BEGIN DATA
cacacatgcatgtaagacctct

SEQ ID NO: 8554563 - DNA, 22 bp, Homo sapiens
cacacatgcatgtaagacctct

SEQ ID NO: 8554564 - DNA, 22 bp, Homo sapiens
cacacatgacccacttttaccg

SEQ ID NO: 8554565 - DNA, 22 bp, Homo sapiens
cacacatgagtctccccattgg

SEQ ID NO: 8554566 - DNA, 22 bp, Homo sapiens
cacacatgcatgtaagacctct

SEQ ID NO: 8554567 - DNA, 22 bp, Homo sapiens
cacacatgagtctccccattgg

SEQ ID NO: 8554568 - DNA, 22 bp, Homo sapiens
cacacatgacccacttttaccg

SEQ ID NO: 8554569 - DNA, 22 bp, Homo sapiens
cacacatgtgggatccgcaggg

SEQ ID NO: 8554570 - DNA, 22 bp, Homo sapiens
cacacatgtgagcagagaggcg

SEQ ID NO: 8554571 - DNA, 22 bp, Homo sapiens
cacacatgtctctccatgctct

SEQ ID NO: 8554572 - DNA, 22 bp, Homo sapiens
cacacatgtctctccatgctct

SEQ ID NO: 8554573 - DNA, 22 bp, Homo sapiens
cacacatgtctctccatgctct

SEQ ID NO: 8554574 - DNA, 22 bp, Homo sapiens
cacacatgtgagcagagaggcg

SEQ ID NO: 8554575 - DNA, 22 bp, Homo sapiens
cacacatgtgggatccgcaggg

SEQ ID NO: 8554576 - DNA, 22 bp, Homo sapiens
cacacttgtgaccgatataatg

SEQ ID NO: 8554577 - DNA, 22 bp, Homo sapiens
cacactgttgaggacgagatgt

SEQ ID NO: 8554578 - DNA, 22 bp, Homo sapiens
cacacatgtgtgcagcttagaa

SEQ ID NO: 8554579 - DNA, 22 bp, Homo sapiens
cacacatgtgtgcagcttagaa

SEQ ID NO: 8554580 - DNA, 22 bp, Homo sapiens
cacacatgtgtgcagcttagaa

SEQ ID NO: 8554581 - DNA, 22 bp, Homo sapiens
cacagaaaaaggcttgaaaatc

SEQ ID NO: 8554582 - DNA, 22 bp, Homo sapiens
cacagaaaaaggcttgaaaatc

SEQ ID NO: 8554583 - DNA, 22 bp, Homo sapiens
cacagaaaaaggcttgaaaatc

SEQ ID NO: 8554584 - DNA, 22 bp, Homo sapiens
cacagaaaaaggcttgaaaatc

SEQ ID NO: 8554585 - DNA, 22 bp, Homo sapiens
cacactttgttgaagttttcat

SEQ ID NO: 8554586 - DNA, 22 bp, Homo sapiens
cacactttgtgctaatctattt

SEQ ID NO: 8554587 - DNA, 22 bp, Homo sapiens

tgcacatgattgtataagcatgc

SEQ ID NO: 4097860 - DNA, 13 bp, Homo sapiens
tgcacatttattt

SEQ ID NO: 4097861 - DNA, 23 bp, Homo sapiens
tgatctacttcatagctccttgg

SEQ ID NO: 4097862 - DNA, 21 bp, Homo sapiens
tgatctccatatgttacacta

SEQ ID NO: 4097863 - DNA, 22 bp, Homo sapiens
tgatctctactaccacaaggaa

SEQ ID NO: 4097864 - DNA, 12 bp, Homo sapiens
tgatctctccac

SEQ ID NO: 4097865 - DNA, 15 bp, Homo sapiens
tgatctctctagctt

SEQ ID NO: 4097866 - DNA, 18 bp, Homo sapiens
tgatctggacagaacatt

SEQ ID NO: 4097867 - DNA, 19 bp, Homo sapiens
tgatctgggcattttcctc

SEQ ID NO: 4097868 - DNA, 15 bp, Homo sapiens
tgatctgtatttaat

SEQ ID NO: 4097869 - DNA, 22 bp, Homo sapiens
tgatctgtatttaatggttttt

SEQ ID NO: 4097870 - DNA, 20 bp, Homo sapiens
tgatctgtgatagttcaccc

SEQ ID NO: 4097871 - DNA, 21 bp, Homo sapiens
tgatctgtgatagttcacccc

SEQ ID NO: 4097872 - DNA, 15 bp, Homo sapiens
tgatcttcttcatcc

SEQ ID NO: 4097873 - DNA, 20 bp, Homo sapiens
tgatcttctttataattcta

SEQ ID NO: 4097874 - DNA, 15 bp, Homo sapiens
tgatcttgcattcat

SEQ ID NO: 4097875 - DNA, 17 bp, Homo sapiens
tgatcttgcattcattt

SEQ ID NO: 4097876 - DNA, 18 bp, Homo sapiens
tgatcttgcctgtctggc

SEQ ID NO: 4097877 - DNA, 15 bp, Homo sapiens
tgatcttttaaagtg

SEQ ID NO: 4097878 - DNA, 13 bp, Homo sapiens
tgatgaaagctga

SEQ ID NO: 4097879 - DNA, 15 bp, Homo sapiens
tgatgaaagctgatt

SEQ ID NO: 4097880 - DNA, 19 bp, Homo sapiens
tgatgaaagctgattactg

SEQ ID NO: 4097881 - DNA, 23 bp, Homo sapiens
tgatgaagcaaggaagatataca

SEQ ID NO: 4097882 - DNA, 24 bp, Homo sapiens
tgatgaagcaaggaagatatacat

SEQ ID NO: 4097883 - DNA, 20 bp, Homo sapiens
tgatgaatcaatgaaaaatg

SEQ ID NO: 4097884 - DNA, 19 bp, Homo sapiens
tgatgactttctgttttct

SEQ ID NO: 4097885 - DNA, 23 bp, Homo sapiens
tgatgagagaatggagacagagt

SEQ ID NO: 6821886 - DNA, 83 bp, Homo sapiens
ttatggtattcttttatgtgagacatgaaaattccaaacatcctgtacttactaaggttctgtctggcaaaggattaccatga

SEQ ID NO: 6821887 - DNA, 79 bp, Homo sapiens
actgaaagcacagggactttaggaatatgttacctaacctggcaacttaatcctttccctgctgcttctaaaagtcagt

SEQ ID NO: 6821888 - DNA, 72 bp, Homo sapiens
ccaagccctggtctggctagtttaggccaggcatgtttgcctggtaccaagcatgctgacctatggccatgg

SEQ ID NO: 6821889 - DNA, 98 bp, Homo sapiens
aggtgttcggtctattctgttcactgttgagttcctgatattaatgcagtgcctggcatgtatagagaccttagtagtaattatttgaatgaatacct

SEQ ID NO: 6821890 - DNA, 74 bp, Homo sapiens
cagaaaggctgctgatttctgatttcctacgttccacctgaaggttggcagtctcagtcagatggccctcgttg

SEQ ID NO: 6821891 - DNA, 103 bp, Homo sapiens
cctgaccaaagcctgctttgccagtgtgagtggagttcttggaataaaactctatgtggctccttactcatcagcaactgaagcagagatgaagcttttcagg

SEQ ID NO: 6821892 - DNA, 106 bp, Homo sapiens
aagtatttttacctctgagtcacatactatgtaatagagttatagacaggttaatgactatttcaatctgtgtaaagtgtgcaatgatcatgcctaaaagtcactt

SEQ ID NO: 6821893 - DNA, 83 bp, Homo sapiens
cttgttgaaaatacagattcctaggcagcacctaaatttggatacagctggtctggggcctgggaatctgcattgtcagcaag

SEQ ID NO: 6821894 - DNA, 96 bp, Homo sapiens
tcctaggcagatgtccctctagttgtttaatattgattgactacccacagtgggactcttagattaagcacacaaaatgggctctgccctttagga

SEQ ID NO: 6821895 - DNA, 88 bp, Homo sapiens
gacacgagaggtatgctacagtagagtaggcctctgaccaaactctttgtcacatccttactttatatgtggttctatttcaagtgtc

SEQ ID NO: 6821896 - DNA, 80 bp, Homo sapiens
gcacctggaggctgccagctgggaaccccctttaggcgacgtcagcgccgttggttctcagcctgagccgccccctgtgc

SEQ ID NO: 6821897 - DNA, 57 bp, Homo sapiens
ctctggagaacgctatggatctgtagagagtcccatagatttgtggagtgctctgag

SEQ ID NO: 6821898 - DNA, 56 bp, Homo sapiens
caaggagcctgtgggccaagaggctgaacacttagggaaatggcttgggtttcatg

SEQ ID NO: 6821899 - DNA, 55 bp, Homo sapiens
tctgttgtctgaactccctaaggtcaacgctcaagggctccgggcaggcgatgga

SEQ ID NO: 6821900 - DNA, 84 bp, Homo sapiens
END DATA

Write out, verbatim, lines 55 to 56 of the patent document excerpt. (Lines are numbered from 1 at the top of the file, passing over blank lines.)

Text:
tgatctacttcatagctccttgg

SEQ ID NO: 4097862 - DNA, 21 bp, Homo sapiens